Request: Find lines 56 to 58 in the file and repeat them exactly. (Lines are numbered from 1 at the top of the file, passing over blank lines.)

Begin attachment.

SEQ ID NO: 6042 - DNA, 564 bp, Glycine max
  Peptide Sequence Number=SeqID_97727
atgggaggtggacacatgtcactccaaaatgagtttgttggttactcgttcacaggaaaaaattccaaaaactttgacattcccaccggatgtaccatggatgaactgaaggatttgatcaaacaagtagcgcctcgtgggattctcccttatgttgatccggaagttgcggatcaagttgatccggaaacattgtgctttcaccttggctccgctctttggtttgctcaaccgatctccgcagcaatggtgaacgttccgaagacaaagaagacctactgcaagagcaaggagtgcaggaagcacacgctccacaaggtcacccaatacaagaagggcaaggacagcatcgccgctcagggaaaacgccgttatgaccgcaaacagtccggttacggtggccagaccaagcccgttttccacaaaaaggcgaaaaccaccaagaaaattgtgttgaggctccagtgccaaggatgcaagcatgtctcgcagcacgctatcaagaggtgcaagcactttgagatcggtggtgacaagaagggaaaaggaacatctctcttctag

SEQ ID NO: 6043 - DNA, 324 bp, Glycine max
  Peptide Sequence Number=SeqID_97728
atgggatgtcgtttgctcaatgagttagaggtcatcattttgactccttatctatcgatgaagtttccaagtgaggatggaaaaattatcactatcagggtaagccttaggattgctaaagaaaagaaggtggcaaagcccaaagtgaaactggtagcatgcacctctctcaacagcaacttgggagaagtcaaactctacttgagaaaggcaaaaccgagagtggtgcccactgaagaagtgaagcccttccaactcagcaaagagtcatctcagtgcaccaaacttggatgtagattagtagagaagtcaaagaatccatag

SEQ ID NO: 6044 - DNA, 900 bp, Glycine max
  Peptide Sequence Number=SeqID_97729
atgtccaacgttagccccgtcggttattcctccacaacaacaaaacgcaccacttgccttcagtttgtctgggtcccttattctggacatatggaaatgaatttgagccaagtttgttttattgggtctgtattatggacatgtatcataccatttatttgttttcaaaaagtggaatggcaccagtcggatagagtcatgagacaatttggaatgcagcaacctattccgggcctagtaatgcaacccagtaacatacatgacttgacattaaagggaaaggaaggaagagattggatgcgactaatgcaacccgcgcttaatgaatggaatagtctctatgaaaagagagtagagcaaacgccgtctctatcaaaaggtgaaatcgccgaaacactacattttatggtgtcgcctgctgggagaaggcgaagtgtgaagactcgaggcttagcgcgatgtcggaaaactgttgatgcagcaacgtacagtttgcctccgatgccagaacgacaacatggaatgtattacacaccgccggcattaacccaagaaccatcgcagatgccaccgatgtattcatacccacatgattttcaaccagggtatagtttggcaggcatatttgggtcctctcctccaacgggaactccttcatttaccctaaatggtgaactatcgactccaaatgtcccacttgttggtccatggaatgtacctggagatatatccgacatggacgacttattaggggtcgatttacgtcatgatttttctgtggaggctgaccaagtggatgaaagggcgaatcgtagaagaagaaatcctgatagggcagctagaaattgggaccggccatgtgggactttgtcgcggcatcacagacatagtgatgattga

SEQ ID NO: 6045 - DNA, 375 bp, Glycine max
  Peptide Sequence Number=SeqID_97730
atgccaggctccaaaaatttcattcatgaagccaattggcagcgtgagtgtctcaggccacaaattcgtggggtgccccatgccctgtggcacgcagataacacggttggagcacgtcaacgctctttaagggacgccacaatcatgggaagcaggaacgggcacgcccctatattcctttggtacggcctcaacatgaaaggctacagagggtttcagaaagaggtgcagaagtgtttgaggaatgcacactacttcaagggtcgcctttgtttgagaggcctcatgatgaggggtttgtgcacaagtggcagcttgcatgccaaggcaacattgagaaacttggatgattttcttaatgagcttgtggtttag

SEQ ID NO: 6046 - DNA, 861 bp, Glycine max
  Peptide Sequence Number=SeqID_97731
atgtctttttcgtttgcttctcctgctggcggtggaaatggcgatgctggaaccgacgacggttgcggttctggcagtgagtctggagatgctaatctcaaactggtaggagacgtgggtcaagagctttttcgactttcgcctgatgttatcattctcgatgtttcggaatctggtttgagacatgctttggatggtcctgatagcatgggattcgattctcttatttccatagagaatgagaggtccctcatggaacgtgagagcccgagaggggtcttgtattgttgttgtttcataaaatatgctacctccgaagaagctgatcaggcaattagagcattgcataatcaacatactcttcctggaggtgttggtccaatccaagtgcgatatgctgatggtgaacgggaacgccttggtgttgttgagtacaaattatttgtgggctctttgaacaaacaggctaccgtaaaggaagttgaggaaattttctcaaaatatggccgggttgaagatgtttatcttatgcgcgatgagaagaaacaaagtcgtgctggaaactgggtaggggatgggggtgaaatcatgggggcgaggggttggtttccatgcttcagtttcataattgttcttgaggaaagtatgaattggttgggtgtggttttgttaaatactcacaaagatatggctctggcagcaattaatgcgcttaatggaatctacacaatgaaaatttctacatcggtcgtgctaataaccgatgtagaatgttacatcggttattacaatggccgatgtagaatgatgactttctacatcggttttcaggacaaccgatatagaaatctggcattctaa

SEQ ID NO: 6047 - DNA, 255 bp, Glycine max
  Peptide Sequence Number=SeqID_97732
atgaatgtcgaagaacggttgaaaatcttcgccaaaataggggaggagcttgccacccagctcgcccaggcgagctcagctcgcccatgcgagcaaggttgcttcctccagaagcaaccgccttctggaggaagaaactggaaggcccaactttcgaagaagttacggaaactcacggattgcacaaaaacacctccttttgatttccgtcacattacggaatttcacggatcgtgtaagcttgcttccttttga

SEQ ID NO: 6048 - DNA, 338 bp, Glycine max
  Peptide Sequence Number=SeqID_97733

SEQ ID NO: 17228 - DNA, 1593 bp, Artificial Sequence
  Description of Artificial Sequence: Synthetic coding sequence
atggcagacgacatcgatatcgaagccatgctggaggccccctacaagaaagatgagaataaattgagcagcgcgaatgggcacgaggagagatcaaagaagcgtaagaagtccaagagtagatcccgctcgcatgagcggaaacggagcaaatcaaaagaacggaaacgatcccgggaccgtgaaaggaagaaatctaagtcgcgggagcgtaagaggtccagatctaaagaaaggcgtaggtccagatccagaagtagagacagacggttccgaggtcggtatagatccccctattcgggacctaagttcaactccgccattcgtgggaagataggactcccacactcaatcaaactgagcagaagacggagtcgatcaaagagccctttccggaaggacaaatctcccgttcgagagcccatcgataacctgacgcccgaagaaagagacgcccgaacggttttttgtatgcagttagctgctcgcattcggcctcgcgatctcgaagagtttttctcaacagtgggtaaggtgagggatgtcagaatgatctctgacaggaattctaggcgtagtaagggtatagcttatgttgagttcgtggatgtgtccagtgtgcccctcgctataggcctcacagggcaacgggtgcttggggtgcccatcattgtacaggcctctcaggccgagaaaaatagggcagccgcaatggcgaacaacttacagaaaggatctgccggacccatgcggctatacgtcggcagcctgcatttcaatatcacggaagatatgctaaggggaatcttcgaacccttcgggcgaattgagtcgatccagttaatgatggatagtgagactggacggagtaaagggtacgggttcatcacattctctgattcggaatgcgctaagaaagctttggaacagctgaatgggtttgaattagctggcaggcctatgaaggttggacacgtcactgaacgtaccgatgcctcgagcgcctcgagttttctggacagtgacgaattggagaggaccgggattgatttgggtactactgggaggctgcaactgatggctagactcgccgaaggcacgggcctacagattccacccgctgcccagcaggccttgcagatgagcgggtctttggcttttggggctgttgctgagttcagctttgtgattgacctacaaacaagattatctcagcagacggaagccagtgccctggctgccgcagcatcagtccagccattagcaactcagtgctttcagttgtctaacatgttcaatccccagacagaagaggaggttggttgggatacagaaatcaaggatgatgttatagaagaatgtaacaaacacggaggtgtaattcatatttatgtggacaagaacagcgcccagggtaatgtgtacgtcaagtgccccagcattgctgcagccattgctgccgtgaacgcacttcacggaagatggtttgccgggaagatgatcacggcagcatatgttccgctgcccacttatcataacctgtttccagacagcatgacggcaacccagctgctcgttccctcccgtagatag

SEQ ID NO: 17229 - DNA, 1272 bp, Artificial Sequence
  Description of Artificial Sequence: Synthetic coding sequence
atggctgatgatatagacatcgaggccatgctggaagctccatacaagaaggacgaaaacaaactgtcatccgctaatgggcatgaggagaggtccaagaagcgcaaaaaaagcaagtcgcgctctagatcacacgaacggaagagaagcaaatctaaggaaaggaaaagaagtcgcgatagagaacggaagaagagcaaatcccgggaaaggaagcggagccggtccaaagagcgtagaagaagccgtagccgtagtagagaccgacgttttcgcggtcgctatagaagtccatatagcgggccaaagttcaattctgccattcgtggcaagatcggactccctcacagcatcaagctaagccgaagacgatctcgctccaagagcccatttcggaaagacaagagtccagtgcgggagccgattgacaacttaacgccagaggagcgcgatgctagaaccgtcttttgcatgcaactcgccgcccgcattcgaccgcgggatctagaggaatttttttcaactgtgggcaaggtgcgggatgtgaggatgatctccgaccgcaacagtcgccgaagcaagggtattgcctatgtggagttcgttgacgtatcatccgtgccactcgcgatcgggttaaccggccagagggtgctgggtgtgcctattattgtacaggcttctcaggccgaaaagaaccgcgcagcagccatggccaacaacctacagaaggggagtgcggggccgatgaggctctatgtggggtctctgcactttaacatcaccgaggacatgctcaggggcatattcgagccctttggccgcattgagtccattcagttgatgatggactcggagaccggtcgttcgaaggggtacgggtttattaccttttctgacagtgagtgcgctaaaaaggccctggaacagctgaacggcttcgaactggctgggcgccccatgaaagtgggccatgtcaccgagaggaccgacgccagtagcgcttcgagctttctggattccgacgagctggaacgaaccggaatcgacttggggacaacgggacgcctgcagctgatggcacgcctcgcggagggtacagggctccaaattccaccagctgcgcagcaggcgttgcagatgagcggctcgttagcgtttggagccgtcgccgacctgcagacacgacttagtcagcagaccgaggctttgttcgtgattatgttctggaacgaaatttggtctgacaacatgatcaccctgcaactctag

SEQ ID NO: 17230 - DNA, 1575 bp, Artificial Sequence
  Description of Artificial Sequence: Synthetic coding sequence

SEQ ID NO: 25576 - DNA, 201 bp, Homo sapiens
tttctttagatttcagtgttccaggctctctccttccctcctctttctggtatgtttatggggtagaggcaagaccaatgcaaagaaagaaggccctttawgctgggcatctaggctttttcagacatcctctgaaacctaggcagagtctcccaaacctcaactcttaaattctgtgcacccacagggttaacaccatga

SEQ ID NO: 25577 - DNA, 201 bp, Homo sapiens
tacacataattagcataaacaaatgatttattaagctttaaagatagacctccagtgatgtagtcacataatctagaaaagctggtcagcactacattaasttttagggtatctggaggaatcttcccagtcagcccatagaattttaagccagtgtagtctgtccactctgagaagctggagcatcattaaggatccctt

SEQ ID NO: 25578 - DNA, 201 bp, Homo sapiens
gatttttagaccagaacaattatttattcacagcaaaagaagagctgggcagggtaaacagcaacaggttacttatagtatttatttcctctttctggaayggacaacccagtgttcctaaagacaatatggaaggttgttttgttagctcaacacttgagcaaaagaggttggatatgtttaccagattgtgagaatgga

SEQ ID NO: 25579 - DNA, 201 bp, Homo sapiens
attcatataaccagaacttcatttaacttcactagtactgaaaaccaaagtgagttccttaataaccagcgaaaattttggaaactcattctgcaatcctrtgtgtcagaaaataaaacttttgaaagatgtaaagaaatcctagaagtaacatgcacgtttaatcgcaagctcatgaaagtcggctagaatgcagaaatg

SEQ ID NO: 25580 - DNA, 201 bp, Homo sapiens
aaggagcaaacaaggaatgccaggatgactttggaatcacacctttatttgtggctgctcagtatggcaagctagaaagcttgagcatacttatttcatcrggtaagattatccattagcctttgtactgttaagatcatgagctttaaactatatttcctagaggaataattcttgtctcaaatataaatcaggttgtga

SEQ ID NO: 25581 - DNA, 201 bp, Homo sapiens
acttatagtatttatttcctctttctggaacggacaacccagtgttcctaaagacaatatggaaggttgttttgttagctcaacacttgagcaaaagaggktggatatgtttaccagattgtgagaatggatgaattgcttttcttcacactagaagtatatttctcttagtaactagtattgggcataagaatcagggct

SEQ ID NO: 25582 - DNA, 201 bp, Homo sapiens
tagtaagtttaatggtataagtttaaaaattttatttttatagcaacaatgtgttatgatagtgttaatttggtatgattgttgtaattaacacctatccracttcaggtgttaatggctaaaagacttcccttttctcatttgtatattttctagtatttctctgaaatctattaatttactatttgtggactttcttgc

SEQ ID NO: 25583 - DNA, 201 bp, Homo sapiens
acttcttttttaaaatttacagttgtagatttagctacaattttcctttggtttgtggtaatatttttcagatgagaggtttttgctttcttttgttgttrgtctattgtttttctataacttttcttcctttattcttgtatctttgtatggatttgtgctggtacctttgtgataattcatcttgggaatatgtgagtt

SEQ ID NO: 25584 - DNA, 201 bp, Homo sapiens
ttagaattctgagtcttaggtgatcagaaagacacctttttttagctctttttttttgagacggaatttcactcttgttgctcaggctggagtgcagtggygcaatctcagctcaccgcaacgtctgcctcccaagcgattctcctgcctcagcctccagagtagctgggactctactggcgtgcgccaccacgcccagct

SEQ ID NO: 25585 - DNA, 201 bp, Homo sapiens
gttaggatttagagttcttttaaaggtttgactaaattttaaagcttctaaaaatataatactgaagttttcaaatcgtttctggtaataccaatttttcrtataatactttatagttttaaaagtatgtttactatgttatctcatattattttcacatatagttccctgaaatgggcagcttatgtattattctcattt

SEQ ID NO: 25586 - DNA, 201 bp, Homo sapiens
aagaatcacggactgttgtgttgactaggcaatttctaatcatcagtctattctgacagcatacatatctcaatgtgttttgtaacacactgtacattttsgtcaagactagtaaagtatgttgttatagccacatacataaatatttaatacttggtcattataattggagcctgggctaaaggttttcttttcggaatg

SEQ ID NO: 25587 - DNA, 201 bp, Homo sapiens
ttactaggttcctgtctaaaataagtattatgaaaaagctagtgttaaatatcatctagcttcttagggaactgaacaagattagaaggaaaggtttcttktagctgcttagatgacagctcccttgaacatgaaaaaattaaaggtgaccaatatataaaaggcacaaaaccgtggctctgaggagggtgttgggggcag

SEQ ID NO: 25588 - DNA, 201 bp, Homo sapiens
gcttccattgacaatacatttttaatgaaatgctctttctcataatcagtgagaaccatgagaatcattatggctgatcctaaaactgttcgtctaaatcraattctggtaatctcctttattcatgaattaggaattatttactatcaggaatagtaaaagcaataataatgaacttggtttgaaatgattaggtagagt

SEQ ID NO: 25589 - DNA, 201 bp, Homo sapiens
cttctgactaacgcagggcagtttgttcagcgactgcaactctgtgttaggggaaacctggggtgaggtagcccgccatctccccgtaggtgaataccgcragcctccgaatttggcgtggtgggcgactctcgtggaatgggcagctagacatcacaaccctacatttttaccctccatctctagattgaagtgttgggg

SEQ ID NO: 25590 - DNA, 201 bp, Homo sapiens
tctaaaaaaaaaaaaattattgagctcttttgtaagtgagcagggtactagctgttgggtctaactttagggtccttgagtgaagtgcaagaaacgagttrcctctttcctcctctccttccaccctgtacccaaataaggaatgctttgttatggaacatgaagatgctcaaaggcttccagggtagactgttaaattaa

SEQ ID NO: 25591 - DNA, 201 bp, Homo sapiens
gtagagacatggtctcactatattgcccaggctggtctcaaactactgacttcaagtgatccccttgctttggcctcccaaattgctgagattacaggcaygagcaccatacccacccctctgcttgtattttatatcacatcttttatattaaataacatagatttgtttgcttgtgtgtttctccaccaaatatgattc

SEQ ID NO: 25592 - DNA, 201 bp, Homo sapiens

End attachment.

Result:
cttctgactaacgcagggcagtttgttcagcgactgcaactctgtgttaggggaaacctggggtgaggtagcccgccatctccccgtaggtgaataccgcragcctccgaatttggcgtggtgggcgactctcgtggaatgggcagctagacatcacaaccctacatttttaccctccatctctagattgaagtgttgggg

SEQ ID NO: 25590 - DNA, 201 bp, Homo sapiens
tctaaaaaaaaaaaaattattgagctcttttgtaagtgagcagggtactagctgttgggtctaactttagggtccttgagtgaagtgcaagaaacgagttrcctctttcctcctctccttccaccctgtacccaaataaggaatgctttgttatggaacatgaagatgctcaaaggcttccagggtagactgttaaattaa